At the heart of Herbert’s poem is the journey we are called to make through our lives. It is not an easy one, and a process which – particularly as we are called to move from the egotisical-self to the essential-self – is so challenging. It is worth noting that in Herbert’s poem it takes two of the three verses of the poem to peel the masks of ego and self-importance away before the real work can begin.
If this is the work of a life, it is also the work we are called to take up through our Lenten journey each year. And here is where we come to our Gospel reading.
If Herbert’s poem gives us a view of this whole journey, then today’s Gospel gives us a close-up view of the key movement through process of spiritual awakening.
The most challenging moment in this journey – the one which take the longest for the “Guest” to arrive at – is allowing ourselves to get to the place where the egotistical-self melts away
When, in our Gospel, Jesus calls us to deny ourselves and follow him, it is this part of ourselves he is calling for us to put down. That part of ourselves which Peter draws on as he rebukes Jesus because of what other people might think of them. That part of ourselves which we tell the world matters.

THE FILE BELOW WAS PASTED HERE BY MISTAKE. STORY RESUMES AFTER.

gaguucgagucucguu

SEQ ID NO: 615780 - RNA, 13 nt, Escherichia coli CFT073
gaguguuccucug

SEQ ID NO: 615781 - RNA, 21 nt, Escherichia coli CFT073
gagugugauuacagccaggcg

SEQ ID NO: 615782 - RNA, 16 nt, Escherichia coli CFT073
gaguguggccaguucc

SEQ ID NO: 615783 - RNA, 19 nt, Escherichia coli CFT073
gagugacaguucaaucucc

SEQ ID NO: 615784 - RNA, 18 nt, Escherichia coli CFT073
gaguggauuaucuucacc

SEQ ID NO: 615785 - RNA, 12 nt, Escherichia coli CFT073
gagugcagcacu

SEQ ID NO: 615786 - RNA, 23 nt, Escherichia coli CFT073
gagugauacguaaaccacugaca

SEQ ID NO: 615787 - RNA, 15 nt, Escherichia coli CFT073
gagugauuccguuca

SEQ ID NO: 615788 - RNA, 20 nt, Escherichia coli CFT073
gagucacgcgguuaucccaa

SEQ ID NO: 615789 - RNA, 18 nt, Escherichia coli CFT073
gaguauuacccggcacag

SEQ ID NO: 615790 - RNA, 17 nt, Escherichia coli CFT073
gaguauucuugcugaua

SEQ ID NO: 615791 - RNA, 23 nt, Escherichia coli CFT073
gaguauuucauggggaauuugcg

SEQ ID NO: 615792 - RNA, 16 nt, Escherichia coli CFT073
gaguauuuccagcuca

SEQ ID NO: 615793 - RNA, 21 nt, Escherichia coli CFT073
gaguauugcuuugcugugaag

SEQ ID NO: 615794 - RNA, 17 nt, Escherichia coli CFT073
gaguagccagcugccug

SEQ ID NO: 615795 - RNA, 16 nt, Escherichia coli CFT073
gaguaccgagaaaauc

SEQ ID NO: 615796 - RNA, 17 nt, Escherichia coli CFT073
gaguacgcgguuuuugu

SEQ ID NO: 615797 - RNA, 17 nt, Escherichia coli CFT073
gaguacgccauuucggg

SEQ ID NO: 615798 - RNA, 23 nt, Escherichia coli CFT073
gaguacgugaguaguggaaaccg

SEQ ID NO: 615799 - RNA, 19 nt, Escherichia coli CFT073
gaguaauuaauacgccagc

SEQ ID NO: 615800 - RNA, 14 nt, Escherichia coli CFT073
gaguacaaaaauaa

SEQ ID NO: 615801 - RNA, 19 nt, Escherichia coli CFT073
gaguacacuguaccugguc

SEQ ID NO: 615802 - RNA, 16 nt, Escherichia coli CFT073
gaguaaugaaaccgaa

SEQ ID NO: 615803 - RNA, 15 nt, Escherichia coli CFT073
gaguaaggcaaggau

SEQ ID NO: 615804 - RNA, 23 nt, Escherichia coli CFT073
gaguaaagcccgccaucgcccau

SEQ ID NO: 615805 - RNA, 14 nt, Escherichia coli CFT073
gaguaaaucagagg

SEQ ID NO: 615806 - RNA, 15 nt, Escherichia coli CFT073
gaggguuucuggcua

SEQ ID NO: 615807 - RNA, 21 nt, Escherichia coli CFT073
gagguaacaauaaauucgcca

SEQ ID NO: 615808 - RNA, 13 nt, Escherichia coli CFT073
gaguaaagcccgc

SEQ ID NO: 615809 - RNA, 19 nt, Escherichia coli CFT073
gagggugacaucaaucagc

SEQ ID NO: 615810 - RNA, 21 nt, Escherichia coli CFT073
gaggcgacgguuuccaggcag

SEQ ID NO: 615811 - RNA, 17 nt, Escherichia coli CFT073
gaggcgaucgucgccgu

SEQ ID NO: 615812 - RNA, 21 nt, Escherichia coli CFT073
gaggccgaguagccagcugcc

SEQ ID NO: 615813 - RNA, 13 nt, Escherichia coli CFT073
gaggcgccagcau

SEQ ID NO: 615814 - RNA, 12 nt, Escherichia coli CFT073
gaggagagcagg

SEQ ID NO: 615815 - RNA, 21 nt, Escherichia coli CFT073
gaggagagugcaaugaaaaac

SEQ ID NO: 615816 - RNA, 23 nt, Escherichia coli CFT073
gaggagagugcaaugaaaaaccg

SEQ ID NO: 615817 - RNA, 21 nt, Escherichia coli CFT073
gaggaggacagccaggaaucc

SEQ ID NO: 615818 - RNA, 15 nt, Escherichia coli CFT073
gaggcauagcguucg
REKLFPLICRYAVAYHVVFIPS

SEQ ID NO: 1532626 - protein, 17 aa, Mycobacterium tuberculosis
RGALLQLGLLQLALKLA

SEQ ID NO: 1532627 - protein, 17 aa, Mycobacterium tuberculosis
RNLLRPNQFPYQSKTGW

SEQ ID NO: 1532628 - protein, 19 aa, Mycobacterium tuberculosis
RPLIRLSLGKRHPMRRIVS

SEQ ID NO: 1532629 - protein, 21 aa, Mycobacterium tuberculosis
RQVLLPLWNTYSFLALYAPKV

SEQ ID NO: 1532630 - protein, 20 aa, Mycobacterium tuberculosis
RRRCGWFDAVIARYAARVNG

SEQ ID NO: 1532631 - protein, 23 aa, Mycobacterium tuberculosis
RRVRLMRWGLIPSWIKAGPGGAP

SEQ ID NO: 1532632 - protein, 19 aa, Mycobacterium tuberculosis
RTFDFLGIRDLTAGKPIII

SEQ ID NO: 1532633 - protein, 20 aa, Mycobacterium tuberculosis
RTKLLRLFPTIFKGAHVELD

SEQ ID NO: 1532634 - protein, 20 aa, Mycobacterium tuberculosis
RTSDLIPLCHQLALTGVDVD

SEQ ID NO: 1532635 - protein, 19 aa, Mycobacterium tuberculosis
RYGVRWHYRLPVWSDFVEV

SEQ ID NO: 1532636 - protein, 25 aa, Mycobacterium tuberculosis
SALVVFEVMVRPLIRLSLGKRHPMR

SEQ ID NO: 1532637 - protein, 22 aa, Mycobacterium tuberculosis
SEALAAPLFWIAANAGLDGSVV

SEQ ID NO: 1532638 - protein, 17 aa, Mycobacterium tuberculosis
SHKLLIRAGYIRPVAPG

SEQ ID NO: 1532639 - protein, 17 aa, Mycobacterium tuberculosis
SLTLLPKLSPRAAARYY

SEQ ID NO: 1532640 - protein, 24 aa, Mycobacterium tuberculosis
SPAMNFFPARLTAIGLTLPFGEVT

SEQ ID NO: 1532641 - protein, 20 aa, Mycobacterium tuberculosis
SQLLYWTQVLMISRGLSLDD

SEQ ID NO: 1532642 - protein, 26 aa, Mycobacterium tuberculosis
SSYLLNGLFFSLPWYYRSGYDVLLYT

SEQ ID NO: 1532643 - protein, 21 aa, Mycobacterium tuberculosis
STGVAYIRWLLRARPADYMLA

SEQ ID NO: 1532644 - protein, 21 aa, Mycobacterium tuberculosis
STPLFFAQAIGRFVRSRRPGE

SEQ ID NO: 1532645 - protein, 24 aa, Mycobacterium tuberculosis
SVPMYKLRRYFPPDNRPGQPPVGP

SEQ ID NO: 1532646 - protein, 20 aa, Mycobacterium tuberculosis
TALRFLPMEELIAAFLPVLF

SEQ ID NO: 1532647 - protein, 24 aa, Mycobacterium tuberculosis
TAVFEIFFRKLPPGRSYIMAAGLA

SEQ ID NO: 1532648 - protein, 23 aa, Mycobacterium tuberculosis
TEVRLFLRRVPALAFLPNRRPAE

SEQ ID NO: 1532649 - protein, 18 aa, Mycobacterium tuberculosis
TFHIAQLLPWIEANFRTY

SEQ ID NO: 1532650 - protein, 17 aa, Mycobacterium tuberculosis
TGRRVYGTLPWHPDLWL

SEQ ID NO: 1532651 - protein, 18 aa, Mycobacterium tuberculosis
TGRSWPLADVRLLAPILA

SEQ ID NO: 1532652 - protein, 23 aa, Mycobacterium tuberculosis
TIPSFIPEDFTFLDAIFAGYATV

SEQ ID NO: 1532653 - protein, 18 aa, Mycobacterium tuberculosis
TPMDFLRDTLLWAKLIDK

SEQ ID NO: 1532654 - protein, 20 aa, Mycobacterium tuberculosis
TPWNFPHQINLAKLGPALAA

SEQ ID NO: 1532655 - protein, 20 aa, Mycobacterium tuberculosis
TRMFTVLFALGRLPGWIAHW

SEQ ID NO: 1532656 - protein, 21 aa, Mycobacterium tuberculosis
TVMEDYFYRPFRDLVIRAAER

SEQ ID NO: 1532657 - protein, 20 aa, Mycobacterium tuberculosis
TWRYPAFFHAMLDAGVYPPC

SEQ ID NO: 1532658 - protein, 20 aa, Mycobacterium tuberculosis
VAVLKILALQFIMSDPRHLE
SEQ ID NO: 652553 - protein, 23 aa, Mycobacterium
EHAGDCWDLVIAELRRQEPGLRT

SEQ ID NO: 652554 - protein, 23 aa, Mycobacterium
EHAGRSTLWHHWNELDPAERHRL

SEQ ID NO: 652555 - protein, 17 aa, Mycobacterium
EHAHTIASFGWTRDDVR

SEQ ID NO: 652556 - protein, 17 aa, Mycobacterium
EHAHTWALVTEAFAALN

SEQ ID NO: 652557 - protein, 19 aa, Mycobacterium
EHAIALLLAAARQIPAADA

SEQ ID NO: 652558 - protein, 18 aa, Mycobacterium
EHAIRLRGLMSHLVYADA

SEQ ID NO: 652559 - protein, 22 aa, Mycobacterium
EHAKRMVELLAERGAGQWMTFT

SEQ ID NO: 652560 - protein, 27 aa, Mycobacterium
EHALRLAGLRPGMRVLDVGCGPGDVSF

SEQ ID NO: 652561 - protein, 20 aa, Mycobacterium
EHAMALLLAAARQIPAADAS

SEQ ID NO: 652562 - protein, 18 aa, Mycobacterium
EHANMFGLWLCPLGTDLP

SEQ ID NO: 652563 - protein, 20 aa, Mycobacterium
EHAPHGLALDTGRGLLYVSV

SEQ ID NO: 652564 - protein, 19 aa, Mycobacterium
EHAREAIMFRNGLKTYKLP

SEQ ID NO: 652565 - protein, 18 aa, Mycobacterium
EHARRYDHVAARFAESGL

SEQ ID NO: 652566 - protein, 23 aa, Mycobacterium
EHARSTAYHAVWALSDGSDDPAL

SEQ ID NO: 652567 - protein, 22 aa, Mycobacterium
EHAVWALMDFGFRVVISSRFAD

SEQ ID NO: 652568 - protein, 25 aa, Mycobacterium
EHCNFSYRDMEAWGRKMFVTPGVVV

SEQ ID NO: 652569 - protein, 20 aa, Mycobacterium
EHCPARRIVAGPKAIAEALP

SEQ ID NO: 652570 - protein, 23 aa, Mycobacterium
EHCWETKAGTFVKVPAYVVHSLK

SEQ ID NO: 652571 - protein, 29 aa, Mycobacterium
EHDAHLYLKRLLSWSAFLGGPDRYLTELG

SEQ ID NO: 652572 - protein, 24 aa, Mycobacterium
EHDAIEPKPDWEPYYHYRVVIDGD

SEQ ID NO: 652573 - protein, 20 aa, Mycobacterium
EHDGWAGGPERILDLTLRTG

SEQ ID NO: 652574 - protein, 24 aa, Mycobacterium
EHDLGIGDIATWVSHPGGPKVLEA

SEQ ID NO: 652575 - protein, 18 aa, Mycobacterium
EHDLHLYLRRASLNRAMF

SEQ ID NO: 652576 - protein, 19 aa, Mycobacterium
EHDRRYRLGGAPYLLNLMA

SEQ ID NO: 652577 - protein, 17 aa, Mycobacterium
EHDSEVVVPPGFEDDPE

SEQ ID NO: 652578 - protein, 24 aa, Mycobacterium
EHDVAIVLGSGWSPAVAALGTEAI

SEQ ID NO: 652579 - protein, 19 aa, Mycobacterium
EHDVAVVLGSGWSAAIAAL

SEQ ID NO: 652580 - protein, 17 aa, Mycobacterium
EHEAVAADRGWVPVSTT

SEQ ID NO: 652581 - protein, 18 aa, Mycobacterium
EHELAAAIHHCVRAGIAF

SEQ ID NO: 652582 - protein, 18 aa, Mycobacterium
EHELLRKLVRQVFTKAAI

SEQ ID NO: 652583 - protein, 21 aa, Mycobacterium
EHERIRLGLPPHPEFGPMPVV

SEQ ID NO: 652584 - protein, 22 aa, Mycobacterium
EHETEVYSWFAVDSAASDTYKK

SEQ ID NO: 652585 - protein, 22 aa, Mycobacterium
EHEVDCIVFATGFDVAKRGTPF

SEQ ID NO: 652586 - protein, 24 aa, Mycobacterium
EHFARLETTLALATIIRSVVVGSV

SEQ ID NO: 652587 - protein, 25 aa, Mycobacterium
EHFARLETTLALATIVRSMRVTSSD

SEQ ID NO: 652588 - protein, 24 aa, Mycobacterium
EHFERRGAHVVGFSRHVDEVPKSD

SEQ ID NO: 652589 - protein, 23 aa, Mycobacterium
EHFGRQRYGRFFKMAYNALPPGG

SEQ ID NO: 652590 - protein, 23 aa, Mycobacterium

To make this key movement in faith we must as Jesus says, set our minds on divine things, not on human things. We must, as Claire Robson reminded us at the first of our Lent talks this week, not simply know that we are loved by God, but allow ourselves to be loved by God.
This, as Jesus reminds us in our Gospel, will not be an easy journey. It will be a journey that will take us to the foot of the cross. It will be a journey where we are called to admit our own essential unworthiness before God, and one another, and most challengingly ourselves.
But it is only if we take that first step that we, like Herbert’s “Guest”, might be able to come to who we truly are in Christ as, on the far side of the vastness of the cross, we surrender ourselves to God’s grace and the liberating lightness of the resurrection.
Questions for reflection
- What things about yourself do you think you focus on too much because of what others think of you?
- How easy is it to not focus on these things?
- What might you be able to focus on if you were not limited by a focus on the earthly or surface things?